Veterinary use of antibiotics has become a major source of concern and annoyance. And this doesn’t even concern the use as a medicine. For that is dwarfed by the application as an additive to fodder. This may be the most important cause of resistance. We shouldn’t have to ask patients in hospitals if they recently visited a farm, or have been in contact with pigs, should we?
Project ‘100 years of antibiotics’
Episode 41. Sore throat, runny nose and other unfortunate conditions
Episode 42. Disputable applications
Episode 43. Veterinary use
Episode 44. The decline of modern pharma in three acts. I: 1980-2000
Episode 45. The decline of modern pharma in three acts. II: the empty promises of biotech
Additive to fodder
Many countries, primarily in Europe, have taken measures against excessive use; but worldwide, there is room for much improvement. Some sources tell us that early this century, humans used less antibiotics than cattle, pigs, chickens and fish taken together. In the past, animals were fed cheap and simple medicines, but nowadays veterinary use is clearly in competition with humane use.
Major consumption of antibiotics in fodder starts around 1950; it coincides with the start of intensive livestock farming. Chickens are the first animals to get them administered in their fodder and drinking water. The argument used is that they live in close proximity; they could easily contaminate each other. Farmers should therefore administer antibiotics preventatively to them. But this argument is being mixed all the time with the profitable use of the substance: the animals grow better and faster on them. After chickens, treatment of pigs and calves starts. The final major group consists of fish (including prawns and other sea life); a large share of these animals on the market have been grown in fishing ponds, where they live closely together.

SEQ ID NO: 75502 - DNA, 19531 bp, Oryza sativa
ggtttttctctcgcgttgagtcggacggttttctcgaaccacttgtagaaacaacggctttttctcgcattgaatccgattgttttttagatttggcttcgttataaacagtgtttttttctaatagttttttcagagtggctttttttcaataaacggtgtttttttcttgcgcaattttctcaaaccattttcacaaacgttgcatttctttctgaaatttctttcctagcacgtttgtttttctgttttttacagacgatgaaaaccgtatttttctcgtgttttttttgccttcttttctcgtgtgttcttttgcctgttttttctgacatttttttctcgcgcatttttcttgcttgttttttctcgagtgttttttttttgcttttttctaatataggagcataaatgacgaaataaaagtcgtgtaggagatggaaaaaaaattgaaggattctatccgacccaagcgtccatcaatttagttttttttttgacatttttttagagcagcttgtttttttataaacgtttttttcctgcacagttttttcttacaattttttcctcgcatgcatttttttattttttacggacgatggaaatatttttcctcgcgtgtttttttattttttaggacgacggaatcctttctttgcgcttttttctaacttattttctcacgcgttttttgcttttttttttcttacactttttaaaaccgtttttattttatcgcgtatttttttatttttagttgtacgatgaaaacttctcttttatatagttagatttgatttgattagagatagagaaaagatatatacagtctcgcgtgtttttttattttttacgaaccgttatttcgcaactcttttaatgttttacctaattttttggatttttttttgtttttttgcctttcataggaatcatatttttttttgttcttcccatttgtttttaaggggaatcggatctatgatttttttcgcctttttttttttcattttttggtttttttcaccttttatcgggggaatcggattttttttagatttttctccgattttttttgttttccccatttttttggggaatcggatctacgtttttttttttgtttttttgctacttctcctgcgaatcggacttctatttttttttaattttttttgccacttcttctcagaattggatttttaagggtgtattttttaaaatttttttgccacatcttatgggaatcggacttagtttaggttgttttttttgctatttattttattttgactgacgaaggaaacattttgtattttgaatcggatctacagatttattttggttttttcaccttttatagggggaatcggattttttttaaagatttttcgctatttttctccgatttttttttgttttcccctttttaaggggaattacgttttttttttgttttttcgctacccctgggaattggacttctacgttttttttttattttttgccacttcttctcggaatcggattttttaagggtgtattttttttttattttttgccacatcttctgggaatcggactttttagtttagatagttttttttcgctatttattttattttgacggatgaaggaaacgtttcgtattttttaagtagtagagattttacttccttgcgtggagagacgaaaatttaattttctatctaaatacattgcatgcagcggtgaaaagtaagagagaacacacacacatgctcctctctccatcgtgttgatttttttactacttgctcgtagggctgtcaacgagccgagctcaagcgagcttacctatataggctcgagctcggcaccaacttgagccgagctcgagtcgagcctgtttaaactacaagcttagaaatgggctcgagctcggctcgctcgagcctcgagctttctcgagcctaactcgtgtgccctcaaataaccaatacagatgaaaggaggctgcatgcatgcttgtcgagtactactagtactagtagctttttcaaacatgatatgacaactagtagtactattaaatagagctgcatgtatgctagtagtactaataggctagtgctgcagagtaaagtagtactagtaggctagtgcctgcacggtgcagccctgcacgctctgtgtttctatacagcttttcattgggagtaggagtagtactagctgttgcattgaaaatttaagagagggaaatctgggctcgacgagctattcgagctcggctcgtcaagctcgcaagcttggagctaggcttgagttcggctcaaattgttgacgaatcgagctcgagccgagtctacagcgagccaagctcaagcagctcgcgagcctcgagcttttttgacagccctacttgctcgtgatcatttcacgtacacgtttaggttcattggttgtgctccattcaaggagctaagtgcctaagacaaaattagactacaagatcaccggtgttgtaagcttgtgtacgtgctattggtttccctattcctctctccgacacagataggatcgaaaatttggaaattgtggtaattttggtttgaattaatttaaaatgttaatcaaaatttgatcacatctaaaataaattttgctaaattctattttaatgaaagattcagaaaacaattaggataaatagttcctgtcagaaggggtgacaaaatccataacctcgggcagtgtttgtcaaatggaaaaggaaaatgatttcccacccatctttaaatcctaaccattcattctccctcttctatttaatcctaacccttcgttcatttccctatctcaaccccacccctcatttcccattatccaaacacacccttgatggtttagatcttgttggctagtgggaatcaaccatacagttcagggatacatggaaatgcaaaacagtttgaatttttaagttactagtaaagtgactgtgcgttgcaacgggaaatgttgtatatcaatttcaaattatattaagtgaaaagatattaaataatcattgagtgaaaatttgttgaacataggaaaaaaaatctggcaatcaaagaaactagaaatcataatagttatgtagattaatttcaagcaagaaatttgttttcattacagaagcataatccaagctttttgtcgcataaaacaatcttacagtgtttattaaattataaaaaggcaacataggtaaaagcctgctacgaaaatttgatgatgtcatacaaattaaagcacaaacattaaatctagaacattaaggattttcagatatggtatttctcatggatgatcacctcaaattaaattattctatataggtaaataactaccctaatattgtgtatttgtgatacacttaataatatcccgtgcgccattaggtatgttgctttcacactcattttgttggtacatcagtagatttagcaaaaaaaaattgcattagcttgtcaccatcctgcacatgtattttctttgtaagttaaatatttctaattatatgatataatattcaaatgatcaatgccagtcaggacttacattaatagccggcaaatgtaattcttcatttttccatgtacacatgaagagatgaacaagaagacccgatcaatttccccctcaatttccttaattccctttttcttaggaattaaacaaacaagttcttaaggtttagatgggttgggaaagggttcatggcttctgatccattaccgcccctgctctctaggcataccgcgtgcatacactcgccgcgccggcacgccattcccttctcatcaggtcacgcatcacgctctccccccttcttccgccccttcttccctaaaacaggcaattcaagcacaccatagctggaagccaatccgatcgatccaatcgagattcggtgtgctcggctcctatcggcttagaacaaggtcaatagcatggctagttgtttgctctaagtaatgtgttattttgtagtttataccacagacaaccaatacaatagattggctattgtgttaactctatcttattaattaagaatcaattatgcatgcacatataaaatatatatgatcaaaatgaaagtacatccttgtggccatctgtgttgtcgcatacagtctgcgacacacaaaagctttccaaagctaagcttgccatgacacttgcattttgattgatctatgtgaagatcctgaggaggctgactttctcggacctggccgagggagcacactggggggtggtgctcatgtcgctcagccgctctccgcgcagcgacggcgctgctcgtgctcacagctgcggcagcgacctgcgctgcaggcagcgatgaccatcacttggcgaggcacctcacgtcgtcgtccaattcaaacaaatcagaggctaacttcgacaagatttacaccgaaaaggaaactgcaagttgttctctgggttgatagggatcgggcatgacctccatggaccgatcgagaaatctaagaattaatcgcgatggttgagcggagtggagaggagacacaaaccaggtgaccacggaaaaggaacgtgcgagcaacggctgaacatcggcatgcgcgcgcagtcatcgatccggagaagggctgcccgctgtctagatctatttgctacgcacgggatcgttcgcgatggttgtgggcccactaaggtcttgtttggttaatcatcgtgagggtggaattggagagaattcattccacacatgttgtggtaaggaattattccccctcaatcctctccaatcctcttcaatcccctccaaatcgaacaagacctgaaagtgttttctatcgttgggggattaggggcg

Reports indicate that the veterinary use of antibiotics (far) outstrips that of humane use. Particularly at the start of the 21st century, use in animals is scarily high. According to a study in Proceedings of the National Academy of Sciences in 2015, yearly use in animals amounts to 63,000 tons; supposedly that is twice what doctors prescribe to their patients. A study in 2013, commissioned by the World Economic Forum mentions the amount of 131,000 tons in animals and 40,000 tons in humane use. However, these numbers are the result of extrapolations, rather than of proper market research. In the US, supposedly 80% of all antibiotics is for veterinary use. In the UK, the balance is slightly better: 2/3 humane use vs. 1/3 for animals. In both countries, five medicines add up to more than 80% of total consumption: penicillins, tetracyclines, macrolides, trimethoprim/sulfas and chinolones. Unfortunately, medicines reserved for humans as an agent for last resort are often used in animals.